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Trial by media : the betrayal of the first amendment’s purpose.

Duke University School of Law
Publication Date
  • Law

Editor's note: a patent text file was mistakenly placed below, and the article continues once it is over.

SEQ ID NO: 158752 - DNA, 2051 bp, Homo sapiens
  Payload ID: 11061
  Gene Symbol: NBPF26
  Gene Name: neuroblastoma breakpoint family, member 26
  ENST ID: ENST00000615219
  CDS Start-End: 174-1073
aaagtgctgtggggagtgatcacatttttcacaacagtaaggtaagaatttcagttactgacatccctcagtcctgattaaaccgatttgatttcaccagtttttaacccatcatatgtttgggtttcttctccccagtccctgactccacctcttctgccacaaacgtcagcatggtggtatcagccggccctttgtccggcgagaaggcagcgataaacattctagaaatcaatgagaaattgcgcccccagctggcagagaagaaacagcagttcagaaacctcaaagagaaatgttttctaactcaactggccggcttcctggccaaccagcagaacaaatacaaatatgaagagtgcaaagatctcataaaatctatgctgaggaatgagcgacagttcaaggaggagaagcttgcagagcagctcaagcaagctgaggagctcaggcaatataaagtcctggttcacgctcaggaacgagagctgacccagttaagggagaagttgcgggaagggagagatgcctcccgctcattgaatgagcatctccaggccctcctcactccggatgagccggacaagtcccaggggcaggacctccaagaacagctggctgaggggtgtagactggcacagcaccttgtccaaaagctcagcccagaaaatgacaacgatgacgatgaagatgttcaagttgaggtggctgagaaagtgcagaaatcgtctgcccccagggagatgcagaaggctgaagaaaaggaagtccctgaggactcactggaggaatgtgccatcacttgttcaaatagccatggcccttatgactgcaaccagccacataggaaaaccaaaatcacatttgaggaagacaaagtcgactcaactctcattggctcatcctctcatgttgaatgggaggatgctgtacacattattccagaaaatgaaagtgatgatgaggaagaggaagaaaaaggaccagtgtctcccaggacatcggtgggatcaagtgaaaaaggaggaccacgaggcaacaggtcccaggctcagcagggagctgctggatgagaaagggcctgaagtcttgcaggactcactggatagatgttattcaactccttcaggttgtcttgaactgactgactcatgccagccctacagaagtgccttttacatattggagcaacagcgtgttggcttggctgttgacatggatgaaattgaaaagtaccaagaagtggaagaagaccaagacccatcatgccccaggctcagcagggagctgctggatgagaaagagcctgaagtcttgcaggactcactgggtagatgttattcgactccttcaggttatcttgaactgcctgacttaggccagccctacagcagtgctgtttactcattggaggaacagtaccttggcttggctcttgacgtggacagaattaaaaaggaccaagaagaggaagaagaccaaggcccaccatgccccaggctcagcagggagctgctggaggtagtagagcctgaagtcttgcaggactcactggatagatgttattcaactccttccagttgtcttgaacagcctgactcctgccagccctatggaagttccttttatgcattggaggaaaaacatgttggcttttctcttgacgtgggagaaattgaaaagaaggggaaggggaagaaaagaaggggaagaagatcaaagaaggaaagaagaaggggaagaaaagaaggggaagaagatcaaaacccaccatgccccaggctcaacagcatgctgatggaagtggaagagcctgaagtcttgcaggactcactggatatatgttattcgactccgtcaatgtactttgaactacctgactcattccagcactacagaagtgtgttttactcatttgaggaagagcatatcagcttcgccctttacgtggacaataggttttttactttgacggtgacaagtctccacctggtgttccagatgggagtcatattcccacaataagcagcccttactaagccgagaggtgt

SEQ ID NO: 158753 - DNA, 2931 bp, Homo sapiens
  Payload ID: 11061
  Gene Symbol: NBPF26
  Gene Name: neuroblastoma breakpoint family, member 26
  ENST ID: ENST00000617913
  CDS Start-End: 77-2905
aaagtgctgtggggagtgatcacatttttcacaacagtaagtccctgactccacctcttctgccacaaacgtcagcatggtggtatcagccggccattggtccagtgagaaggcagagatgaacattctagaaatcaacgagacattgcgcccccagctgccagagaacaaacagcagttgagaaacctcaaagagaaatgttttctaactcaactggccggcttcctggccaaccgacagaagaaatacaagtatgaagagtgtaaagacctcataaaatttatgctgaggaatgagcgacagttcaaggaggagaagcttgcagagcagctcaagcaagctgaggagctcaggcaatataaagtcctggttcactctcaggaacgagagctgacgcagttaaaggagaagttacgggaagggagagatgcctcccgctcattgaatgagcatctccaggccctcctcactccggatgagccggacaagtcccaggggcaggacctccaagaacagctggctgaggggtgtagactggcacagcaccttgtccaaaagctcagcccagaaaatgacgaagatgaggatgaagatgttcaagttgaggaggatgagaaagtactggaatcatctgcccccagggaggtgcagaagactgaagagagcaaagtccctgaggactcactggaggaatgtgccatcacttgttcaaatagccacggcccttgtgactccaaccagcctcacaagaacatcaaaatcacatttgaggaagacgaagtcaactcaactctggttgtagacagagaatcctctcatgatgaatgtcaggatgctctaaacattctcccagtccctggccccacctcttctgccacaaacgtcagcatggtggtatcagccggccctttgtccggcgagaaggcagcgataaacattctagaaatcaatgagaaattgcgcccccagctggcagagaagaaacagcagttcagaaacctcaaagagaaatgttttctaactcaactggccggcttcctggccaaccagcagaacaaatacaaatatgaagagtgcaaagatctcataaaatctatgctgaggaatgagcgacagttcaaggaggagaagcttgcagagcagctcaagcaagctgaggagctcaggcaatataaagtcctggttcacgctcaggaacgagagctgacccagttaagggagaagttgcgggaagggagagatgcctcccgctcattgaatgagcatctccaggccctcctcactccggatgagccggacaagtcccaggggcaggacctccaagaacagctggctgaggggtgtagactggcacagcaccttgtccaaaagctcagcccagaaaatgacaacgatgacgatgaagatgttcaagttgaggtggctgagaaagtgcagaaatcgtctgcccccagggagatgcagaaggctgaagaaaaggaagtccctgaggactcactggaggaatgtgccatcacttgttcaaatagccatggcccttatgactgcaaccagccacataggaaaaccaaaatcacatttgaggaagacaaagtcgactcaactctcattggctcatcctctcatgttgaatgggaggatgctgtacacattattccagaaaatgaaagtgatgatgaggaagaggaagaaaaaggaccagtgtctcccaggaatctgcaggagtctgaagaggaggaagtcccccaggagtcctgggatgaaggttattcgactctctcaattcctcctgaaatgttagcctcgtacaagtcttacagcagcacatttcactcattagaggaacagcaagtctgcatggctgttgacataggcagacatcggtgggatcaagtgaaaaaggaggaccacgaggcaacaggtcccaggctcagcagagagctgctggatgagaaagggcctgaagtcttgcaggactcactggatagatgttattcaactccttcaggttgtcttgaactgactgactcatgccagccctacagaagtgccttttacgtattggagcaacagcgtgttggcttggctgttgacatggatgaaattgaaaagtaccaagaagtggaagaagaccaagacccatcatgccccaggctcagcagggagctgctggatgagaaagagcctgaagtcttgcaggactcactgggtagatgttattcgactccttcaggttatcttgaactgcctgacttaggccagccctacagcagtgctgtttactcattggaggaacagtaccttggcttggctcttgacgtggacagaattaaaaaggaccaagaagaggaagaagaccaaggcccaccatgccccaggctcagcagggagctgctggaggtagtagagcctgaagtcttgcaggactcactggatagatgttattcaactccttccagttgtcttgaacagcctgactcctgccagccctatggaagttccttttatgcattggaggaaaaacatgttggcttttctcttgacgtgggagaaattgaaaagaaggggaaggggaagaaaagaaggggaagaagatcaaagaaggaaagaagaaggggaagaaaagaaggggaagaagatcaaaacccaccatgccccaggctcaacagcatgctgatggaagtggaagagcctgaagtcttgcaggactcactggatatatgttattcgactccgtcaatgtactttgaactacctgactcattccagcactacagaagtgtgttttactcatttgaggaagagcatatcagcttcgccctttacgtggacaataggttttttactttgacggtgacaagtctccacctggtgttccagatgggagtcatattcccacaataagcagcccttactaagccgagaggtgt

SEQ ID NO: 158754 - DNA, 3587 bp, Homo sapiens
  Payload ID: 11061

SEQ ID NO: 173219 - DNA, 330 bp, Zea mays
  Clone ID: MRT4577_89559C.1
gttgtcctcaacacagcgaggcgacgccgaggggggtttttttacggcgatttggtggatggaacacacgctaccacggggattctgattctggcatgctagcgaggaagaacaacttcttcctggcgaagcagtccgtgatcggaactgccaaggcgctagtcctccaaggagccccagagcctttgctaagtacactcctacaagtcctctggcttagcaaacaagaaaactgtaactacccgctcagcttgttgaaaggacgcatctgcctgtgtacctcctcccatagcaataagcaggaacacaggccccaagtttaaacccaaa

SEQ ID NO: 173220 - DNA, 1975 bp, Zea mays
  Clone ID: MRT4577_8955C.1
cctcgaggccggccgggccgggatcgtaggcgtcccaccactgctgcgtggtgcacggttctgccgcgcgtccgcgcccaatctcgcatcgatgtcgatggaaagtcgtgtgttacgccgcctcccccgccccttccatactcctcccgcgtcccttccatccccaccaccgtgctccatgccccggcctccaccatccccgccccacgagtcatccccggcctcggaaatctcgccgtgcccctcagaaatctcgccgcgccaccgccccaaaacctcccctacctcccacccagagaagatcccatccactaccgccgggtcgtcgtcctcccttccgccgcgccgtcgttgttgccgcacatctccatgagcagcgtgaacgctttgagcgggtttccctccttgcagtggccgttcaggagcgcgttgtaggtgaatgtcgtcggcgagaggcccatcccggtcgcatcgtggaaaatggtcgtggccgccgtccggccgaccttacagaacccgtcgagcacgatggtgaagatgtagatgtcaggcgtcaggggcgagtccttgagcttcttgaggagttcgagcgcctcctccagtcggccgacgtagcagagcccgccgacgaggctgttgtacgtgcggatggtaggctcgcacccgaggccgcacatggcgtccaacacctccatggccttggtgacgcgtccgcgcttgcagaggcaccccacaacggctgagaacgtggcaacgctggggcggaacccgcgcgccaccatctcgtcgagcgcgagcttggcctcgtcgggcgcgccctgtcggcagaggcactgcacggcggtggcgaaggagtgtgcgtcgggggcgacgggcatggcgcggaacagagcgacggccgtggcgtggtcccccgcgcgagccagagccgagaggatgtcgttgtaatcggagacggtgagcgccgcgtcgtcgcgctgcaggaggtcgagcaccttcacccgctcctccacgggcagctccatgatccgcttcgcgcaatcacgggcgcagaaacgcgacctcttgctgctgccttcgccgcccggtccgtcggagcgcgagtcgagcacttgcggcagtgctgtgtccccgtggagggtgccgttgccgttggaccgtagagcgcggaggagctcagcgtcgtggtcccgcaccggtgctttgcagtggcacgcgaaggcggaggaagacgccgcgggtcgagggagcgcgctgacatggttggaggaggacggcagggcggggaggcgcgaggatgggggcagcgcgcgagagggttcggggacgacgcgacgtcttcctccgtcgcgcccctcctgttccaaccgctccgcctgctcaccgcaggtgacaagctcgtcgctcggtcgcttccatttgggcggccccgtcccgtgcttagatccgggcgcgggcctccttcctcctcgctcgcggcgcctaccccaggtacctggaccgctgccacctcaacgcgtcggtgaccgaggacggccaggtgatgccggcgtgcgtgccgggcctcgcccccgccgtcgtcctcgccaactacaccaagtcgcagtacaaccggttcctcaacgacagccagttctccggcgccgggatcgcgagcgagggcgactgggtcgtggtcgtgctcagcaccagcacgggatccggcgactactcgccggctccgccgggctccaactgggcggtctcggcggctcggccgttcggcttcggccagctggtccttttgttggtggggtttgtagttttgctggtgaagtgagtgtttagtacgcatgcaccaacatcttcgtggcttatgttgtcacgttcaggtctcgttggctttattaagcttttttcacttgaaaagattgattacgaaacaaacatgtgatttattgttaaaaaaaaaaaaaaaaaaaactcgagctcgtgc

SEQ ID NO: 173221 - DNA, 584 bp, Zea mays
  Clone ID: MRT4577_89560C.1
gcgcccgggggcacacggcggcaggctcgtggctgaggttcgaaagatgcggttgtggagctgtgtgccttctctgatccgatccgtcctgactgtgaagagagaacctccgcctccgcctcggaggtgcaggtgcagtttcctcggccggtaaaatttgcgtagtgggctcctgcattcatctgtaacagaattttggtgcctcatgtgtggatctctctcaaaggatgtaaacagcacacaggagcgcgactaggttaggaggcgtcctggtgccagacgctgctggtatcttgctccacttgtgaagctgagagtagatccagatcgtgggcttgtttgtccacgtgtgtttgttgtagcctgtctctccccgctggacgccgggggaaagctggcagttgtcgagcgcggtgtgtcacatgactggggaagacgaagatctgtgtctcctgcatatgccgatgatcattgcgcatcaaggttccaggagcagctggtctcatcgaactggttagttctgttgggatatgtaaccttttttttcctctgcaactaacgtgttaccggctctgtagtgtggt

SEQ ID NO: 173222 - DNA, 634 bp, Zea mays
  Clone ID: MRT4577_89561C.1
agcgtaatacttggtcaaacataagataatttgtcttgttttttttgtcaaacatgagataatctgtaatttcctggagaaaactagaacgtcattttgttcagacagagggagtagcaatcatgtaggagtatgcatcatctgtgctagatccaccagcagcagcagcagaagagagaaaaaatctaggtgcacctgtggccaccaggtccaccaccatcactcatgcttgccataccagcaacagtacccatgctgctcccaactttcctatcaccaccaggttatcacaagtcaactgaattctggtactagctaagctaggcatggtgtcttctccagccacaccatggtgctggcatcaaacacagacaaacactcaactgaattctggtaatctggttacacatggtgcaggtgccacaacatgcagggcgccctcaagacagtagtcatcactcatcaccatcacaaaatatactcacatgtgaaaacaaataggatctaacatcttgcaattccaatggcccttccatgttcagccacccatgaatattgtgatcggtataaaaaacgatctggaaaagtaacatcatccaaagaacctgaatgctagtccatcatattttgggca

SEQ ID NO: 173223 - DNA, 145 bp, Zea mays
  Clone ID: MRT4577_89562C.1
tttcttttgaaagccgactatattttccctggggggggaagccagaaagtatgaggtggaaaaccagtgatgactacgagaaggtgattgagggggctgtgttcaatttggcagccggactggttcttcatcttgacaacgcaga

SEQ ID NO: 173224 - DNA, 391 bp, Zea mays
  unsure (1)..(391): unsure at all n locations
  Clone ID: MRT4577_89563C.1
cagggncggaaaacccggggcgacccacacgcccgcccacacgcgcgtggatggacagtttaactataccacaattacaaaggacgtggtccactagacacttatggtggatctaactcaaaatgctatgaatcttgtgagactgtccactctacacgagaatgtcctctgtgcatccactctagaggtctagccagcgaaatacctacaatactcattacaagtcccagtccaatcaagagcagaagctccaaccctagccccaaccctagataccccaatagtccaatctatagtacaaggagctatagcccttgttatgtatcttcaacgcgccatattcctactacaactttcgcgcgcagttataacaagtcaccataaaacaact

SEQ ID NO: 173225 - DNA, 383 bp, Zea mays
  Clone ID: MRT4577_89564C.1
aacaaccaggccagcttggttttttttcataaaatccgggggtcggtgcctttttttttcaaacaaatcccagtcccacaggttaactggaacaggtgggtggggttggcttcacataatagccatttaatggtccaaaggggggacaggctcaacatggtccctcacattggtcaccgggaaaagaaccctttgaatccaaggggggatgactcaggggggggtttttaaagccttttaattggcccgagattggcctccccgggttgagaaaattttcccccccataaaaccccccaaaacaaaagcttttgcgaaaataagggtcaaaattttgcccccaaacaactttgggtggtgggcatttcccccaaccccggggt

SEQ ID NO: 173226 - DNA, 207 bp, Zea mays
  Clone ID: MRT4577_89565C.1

There is continuing concern in the United States about the kind of media storms that swirl around high-profile criminal proceedings such as the Sam Sheppard case,3 the O.J. Simpson trial,4 or the Duke lacrosse case.5 The knowledge that the transformation of the sober and impartial investigation of guilt into a grotesque media “carnival”6 could probably happen nowhere in the Western world other than the United States reminds us again of the distinctiveness of First Amendment jurisprudence; but the difference in this instance seems to arouse more mixed feelings in Americans than usual. As will appear below, the pernicious effect of media reportage upon public perceptions of the guilt of high-profile defendants,7 with a possible concomitant effect upon the fairness of trials, now seems to be fairly widely accepted.

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